Analytical and Bioanalytical Chemistry

, Volume 410, Issue 16, pp 3629–3638 | Cite as

Sizing lipid droplets from adult and geriatric mouse liver tissue via nanoparticle tracking analysis

  • Katherine A. Muratore
  • Charles P. Najt
  • Nicholas M. Livezey
  • James Marti
  • Douglas G. Mashek
  • Edgar A. Arriaga
Paper in Forefront


The significance of lipid droplets in lipid metabolism, cell signaling, and regulating longevity is increasingly recognized, yet the lipid droplet’s unique properties and architecture make it difficult to size and study using conventional methods. To begin to address this issue, we demonstrate the capabilities of nanoparticle tracking analysis (NTA) for sizing of lipid droplets. NTA was found to be adequate to assess lipid droplet stability over time, indicating that lipid droplet preparations are stable for up to 24 h. NTA had the ability to compare the size distributions of lipid droplets from adult and geriatric mouse liver tissue, suggesting an age-related decrease in lipid droplet size. This is the first report on the use of NTA to size intracellular organelles.

Graphical Abstract

Light scattering reveals the temporal positions of individual lipid droplets, which are recorded with a camera. The two-dimensional diffusion constant of each lipid droplet is extracted from the data set, which is then used to calculate a hydrodynamic radius using the Stokes-Einstein equation.


Lipid droplets Nanoparticle tracking analysis Aging Liver Organelles 



This work was supported by NIH AG020866. KAM acknowledges support through a University of Minnesota Doctoral Dissertation Fellowship and National Institutes of Health (NIH) AG029796. CPN acknowledges support from NIH DK007203. NML acknowledges support from NIH GM008700. DGM acknowledges support from NIH DK114401 and NIH AG055452. A portion of this work was carried out in the Minnesota Nano Center, which receives partial support from the National Science Foundation (NSF) through the NNCI program. A portion of this work was carried out in the Characterization Facility, University of Minnesota, which receives partial support from NSF through the MRSEC program.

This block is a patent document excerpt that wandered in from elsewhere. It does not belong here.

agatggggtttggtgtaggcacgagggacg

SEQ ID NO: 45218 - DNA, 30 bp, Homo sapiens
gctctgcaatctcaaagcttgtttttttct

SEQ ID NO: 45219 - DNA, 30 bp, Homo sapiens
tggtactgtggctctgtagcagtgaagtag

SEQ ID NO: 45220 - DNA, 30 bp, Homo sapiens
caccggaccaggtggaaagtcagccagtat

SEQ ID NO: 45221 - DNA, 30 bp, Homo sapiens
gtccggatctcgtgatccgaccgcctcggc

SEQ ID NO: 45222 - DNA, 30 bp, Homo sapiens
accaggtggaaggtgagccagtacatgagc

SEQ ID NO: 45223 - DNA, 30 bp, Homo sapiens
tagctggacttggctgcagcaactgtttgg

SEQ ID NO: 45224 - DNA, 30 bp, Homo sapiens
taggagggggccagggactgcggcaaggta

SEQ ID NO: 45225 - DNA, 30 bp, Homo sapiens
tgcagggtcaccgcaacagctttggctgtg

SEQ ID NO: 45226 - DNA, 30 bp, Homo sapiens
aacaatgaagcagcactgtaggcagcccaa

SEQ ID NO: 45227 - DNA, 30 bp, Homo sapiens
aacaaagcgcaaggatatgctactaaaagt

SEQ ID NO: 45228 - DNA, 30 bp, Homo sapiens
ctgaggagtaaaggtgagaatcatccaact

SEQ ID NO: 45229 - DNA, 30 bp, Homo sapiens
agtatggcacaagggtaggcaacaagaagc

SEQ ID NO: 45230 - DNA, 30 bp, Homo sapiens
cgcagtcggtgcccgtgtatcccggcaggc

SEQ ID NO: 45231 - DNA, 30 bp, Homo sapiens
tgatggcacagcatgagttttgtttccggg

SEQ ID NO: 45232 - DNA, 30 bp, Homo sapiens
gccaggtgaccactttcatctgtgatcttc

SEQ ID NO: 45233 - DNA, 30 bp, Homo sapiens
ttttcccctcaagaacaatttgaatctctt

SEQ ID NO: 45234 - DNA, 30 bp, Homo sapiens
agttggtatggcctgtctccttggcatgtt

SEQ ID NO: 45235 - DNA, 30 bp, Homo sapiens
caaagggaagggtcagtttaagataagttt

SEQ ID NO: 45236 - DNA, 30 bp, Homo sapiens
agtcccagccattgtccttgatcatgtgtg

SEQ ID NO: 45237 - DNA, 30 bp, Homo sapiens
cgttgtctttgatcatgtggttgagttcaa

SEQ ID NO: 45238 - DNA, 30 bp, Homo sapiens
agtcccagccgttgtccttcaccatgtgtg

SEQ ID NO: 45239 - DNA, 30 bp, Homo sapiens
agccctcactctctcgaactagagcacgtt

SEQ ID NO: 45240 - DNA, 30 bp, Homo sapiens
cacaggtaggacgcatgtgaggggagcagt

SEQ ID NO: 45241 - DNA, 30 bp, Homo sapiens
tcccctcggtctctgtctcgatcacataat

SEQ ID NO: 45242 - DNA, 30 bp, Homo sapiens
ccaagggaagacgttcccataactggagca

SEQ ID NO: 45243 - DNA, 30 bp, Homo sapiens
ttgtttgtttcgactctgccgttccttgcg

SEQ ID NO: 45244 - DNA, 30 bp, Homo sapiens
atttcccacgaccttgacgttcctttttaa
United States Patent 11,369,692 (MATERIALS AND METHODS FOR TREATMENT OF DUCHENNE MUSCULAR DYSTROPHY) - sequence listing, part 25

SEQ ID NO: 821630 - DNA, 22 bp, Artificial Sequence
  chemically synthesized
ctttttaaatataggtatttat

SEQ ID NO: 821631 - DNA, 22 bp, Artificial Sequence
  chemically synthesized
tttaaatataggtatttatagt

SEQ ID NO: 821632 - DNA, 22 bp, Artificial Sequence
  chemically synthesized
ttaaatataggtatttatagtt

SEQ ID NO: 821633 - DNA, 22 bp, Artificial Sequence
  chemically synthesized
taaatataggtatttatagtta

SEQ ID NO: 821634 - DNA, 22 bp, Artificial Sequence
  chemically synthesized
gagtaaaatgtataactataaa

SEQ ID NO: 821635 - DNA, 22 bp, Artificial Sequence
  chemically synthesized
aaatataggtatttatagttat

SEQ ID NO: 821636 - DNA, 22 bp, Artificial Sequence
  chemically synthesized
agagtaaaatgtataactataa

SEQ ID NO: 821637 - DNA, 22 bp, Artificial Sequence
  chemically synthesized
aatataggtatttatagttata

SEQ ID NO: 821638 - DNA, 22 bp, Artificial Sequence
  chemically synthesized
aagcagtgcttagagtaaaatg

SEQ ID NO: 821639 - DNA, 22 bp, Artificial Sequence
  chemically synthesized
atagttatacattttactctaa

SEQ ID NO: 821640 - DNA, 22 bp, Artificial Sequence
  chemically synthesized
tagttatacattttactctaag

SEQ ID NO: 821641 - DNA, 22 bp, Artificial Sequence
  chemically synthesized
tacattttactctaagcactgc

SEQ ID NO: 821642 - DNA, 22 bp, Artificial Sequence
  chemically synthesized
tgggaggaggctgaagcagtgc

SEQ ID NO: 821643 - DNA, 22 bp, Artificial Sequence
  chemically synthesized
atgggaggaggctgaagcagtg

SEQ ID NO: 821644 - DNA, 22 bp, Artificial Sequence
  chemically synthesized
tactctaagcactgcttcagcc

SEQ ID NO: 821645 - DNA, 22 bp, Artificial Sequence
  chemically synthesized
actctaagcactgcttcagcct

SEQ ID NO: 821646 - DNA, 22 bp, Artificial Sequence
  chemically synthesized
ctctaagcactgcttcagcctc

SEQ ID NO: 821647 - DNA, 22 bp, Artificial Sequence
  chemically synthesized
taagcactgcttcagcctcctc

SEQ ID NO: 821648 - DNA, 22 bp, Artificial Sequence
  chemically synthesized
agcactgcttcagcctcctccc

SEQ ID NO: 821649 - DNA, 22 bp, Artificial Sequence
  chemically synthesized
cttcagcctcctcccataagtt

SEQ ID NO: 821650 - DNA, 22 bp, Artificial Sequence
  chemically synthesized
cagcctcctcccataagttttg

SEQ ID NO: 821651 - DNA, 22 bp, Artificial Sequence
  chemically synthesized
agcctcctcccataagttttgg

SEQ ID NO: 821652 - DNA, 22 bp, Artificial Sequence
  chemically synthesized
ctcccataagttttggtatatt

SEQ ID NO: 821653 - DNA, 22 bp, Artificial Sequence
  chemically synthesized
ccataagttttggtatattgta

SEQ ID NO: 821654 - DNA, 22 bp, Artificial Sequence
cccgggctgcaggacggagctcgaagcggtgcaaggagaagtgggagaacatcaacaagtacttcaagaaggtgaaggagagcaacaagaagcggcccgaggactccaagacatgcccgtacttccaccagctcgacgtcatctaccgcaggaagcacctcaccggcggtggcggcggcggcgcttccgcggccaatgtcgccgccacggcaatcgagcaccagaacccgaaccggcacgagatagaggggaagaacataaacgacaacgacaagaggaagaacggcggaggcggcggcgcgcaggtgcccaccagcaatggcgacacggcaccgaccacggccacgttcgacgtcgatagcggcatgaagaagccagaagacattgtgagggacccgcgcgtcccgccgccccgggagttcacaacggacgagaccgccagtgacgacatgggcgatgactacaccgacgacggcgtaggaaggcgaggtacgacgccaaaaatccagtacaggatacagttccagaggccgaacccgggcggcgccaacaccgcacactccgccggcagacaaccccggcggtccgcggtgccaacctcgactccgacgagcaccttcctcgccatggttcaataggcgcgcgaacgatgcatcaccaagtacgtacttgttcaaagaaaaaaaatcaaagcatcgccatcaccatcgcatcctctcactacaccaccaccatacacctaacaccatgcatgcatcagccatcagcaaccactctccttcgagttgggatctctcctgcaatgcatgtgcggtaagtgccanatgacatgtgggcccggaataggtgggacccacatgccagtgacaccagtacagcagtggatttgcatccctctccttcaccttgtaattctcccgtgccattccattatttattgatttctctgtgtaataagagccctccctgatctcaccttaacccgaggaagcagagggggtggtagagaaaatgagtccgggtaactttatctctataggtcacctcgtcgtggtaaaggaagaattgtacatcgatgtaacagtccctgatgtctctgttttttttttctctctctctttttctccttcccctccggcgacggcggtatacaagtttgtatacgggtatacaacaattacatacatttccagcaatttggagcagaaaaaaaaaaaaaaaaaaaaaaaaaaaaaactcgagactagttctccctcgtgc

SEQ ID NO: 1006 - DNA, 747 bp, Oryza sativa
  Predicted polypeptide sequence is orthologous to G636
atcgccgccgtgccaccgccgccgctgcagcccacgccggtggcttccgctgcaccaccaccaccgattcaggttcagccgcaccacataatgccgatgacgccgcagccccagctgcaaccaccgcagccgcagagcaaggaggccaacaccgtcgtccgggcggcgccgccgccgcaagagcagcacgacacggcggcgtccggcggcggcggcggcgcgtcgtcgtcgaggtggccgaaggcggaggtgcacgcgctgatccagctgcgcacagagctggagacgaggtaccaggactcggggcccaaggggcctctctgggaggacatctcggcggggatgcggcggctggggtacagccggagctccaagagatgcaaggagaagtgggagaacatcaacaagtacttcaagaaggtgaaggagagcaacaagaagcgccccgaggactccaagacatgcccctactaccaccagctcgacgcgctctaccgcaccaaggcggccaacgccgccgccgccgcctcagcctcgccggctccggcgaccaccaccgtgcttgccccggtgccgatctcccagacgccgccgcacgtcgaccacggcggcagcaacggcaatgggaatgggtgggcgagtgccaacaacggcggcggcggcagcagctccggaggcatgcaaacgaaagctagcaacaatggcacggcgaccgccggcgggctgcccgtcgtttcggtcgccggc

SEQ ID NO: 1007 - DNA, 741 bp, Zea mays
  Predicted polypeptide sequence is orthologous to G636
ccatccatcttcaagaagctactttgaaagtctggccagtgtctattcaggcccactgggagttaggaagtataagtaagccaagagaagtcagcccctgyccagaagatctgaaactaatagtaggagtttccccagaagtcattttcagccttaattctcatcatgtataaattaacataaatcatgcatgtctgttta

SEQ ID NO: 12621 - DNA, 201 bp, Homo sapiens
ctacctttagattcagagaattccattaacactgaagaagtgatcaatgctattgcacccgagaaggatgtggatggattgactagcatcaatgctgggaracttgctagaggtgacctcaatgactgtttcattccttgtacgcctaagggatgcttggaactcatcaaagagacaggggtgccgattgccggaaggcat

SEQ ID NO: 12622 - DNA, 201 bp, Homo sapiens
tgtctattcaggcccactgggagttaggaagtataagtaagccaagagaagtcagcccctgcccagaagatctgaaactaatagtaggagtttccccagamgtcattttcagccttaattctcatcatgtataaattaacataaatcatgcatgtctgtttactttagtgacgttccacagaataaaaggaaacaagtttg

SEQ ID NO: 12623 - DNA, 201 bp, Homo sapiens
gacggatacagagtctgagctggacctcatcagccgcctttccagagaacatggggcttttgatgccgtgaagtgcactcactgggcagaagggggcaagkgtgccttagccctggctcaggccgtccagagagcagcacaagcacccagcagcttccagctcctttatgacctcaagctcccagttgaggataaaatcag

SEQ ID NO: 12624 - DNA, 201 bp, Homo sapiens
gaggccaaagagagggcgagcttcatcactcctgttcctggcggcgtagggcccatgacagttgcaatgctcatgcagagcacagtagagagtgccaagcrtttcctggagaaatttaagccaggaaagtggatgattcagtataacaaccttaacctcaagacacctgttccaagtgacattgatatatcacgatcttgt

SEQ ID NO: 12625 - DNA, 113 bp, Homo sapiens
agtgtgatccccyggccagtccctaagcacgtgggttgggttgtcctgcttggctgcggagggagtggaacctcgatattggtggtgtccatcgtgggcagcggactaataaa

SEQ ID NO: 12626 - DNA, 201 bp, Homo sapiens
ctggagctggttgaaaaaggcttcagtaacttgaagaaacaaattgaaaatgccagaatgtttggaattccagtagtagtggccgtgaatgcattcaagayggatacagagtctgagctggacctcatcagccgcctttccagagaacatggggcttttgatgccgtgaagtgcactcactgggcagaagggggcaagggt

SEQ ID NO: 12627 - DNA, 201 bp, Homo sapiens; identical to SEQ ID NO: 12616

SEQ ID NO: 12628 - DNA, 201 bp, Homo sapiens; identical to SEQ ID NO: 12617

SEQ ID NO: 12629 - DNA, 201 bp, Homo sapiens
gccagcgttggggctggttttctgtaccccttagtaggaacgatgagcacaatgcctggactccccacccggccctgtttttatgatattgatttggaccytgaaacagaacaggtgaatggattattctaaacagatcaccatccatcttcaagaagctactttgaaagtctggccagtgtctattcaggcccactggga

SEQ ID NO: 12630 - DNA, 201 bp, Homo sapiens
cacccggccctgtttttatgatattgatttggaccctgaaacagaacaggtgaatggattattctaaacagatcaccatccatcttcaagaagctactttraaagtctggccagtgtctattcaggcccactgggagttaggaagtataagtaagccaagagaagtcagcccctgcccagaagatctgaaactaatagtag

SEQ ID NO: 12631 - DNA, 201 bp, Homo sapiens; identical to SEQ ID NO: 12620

Compliance with Ethical Standards

All mice were housed in a designated clean facility and treated in accordance with protocols approved by the University of Minnesota Institutional Animal Care and Use Committee.

Conflict of Interest

The authors have no potential conflicts of interest to disclose.

Supplementary material (33.7 mb)
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Copyright information

© Springer-Verlag GmbH Germany, part of Springer Nature 2018

Authors and Affiliations

  • Katherine A. Muratore
    • 1
  • Charles P. Najt
    • 1
  • Nicholas M. Livezey
    • 2
  • James Marti
    • 3
  • Douglas G. Mashek
    • 1
  • Edgar A. Arriaga
    • 1
    • 2
  1. 1.Department of Biochemistry, Molecular Biology, and BiophysicsUniversity of MinnesotaMinneapolisUSA
  2. 2.Department of ChemistryUniversity of MinnesotaMinneapolisUSA
  3. 3.Minnesota Nano CenterUniversity of MinnesotaMinneapolisUSA

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